Bio

Clinical Focus


  • Nephrology
  • Global Health
  • Palliative Care

Academic Appointments


Professional Education


  • Board Certification: Nephrology, American Board of Internal Medicine (2017)
  • Fellowship: Stanford University Nephrology Fellowship (2017) CA
  • Board Certification: Internal Medicine, American Board of Internal Medicine (2015)
  • Residency: Beth Israel Medical Center (2015) NY
  • Medical Education: University of Louisville Medical School (2012) KY
  • Master of Science, Stanford University, EPIDM-MS (2019)
  • Bachelor of Science, Georgetown College (2007)

Community and International Work


  • Reducing transmission of HIV/AIDS in Morocco

    Partnering Organization(s)

    Association de lutte contre le Sida

    Location

    International

    Ongoing Project

    No

    Opportunities for Student Involvement

    No

  • Paying for Hemodialysis in Kerala, India: A Survey of Effects on Household Finances

    Partnering Organization(s)

    Centre for Chronic Disease Control

    Populations Served

    South Asians with end-stage renal disease

    Location

    International

    Ongoing Project

    Yes

    Opportunities for Student Involvement

    No

Research & Scholarship

Current Research and Scholarly Interests


Dr. Bradshaw is interested in studying counseling practices and transitions of care among persons with advanced chronic kidney disease and end-stage renal disease in low- and middle-income countries.

Publications

All Publications


  • Medical Record Documentation of Goals-of-Care Discussions Among Older Veterans With Incident Kidney Failure. American journal of kidney diseases : the official journal of the National Kidney Foundation Bradshaw, C. L., Gale, R. C., Chettiar, A., Ghaus, S. J., Thomas, I., Fung, E., Lorenz, K., Asch, S. M., Anand, S., Kurella Tamura, M. 2019

    Abstract

    RATIONALE & OBJECTIVE: Elicitation and documentation of patient preferences is at the core of shared decision making and is particularly important among patients with high anticipated mortality. The extent to which older patients with incident kidney failure undertake such discussions with their providers is unknown and its characterization was the focus of this study.STUDY DESIGN: Retrospective cohort study.SETTING & PARTICIPANTS: A random sample of veterans 67 years and older with incident kidney failure receiving care from the US Veterans Health Administration between 2005 and2010.EXPOSURES: Demographic and facility characteristics, as well as predicted 6-month mortality risk after dialysis initiation and documentation of resuscitation preferences.OUTCOMES: Documented discussions of dialysis treatment and supportive care.ANALYTICAL APPROACH: We reviewed medical records over the 2 years before incident kidney failure and up to 1 year afterward to ascertain the frequency and timing of documented discussions about dialysis treatment, supportive care, and resuscitation. Logistic regression was used to identify factors associated with these documented discussions.RESULTS: The cohort of 821 veterans had a mean age of 80.97.2 years, and 37.2% had a predicted 6-month mortality risk>20% with dialysis. Documented discussions addressing dialysis treatment and resuscitation were present in 55.6% and 77.1% of patients, respectively. Those addressing supportive care were present in 32.4%. The frequency of documentation varied by mortality risk and whether the patient ultimately started dialysis. In adjusted analyses, the frequency and pattern of documentation were more strongly associated with geographic location and receipt of outpatient nephrology care than with patient demographic or clinical characteristics.LIMITATIONS: Documentation may not fully reflect the quality and content of discussions, and generalizability to nonveteran patients is limited.CONCLUSIONS: Among older veterans with incident kidney failure, discussions of dialysis treatment are decoupled from other aspects of advance care planning and are suboptimally documented, even among patients at high risk for mortality.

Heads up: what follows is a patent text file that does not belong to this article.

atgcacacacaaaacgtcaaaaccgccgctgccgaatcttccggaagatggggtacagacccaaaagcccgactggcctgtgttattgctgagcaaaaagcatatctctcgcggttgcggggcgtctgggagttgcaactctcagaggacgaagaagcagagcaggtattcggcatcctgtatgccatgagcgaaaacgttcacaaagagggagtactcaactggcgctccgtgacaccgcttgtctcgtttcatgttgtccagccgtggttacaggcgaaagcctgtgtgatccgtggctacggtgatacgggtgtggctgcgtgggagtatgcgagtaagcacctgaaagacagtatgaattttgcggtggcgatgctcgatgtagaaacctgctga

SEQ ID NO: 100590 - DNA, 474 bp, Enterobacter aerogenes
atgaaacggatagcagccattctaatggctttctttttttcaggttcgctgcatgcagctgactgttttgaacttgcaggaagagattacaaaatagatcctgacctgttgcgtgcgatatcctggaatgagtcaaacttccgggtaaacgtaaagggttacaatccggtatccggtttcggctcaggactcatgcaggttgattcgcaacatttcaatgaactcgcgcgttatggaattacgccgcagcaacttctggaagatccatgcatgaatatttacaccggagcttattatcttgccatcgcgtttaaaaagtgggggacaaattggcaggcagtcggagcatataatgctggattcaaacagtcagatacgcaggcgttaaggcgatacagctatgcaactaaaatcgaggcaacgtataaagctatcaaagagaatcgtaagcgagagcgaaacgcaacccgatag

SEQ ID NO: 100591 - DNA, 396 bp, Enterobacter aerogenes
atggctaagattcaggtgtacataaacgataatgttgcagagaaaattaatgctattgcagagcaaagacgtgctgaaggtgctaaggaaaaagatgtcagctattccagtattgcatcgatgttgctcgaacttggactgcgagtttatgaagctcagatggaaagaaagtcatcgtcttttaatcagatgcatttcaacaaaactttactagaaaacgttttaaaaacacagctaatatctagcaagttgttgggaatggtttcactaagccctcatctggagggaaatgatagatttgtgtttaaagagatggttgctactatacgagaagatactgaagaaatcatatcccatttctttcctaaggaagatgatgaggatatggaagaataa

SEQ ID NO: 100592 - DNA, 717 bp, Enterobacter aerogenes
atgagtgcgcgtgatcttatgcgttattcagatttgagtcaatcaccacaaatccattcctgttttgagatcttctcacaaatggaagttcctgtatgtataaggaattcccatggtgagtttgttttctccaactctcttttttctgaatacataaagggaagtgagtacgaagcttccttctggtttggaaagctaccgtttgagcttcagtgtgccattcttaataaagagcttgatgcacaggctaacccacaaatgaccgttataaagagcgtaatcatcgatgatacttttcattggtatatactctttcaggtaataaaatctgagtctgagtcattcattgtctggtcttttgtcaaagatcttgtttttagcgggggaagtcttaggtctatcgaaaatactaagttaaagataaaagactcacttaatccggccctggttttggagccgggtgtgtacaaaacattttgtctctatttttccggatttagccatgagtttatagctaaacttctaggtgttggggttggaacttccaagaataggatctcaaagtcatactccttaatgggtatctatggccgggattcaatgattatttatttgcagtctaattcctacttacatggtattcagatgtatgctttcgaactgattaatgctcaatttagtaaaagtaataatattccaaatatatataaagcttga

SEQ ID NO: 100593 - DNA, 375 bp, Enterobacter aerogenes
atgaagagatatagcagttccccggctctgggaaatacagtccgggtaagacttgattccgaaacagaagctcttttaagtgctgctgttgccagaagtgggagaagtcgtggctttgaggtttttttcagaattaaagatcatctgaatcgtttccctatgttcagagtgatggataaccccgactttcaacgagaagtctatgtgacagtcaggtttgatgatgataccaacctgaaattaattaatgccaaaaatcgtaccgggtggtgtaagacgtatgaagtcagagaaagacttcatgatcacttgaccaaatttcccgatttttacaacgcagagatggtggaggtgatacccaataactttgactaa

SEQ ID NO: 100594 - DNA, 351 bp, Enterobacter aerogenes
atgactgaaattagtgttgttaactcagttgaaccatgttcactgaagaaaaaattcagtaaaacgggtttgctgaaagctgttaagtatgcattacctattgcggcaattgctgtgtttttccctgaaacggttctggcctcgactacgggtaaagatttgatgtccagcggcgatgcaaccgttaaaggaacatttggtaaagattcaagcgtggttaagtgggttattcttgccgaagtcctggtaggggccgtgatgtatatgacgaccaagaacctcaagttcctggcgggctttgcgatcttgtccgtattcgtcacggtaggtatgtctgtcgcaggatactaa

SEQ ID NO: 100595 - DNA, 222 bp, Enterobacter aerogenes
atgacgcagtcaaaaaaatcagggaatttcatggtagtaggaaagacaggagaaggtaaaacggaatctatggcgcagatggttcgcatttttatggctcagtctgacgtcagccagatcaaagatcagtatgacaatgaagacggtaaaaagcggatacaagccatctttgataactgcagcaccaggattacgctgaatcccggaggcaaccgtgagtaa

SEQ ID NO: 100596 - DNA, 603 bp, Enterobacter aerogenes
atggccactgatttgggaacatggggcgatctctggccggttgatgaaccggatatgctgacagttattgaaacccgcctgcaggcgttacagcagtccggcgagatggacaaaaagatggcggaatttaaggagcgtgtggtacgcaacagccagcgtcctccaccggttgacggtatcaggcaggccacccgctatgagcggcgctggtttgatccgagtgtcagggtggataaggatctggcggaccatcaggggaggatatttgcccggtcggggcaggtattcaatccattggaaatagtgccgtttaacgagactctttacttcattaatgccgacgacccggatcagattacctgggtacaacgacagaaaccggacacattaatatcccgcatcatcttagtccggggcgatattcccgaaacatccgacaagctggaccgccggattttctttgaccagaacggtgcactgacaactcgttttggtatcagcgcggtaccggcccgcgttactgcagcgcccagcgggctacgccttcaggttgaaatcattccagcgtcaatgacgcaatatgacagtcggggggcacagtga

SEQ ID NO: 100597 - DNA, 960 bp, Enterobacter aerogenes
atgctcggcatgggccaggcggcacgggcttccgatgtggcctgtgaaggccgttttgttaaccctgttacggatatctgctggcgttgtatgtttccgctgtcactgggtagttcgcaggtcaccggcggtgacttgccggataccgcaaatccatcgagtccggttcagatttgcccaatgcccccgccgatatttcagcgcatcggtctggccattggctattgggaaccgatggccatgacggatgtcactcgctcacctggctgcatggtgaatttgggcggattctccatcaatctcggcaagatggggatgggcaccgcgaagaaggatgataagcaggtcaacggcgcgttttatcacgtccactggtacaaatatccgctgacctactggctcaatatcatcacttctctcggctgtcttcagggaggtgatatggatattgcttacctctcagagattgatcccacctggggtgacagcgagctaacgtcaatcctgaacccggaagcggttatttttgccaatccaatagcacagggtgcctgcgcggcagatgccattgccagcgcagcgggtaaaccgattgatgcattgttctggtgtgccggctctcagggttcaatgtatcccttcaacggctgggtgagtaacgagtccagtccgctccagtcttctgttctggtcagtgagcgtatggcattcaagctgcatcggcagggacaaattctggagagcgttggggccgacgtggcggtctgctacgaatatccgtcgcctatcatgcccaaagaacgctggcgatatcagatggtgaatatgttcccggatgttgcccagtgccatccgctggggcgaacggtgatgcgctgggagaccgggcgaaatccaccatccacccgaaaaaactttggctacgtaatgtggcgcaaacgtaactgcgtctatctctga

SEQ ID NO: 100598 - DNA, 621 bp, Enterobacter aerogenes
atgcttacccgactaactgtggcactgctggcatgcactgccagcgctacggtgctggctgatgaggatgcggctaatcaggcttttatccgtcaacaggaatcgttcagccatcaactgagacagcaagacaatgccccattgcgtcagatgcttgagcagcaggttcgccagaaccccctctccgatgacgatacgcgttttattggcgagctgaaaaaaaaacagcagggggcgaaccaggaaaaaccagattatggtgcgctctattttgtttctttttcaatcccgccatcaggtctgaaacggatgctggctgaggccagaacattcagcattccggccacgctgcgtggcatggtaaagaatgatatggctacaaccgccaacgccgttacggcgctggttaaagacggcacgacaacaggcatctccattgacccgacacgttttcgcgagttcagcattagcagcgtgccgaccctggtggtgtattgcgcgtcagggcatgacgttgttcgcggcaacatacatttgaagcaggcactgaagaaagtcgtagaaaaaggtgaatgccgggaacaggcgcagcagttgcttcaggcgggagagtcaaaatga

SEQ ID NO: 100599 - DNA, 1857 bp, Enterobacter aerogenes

View details for DOI 10.1053/j.ajkd.2019.07.024

    View details for PubMedID 31679746

  • Paying for Hemodialysis in Kerala, India: A Description of Household Financial Hardship in the Context of Medical Subsidy KIDNEY INTERNATIONAL REPORTS Bradshaw, C., Gracious, N., Narayanan, R., Narayanan, S., Safeer, M., Nair, G. M., Murlidharan, P., Sundaresan, A., Santhi, S., Prabhakaran, D., Tamura, M., Jha, V., Chertow, G. M., Jeemon, P., Anand, S. 2019; 4 (3): 390?98
  • Early detection of chronic kidney disease in low-income and middle-income countries: development and validation of a point-of-care screening strategy for India. BMJ global health Bradshaw, C., Kondal, D., Montez-Rath, M. E., Han, J., Zheng, Y., Shivashankar, R., Gupta, R., Srinivasapura Venkateshmurthy, N., Jarhyan, P., Mohan, S., Mohan, V., Ali, M. K., Patel, S., Venkat Narayan, K. M., Tandon, N., Prabhakaran, D., Anand, S. 2019; 4 (5): e001644

    Abstract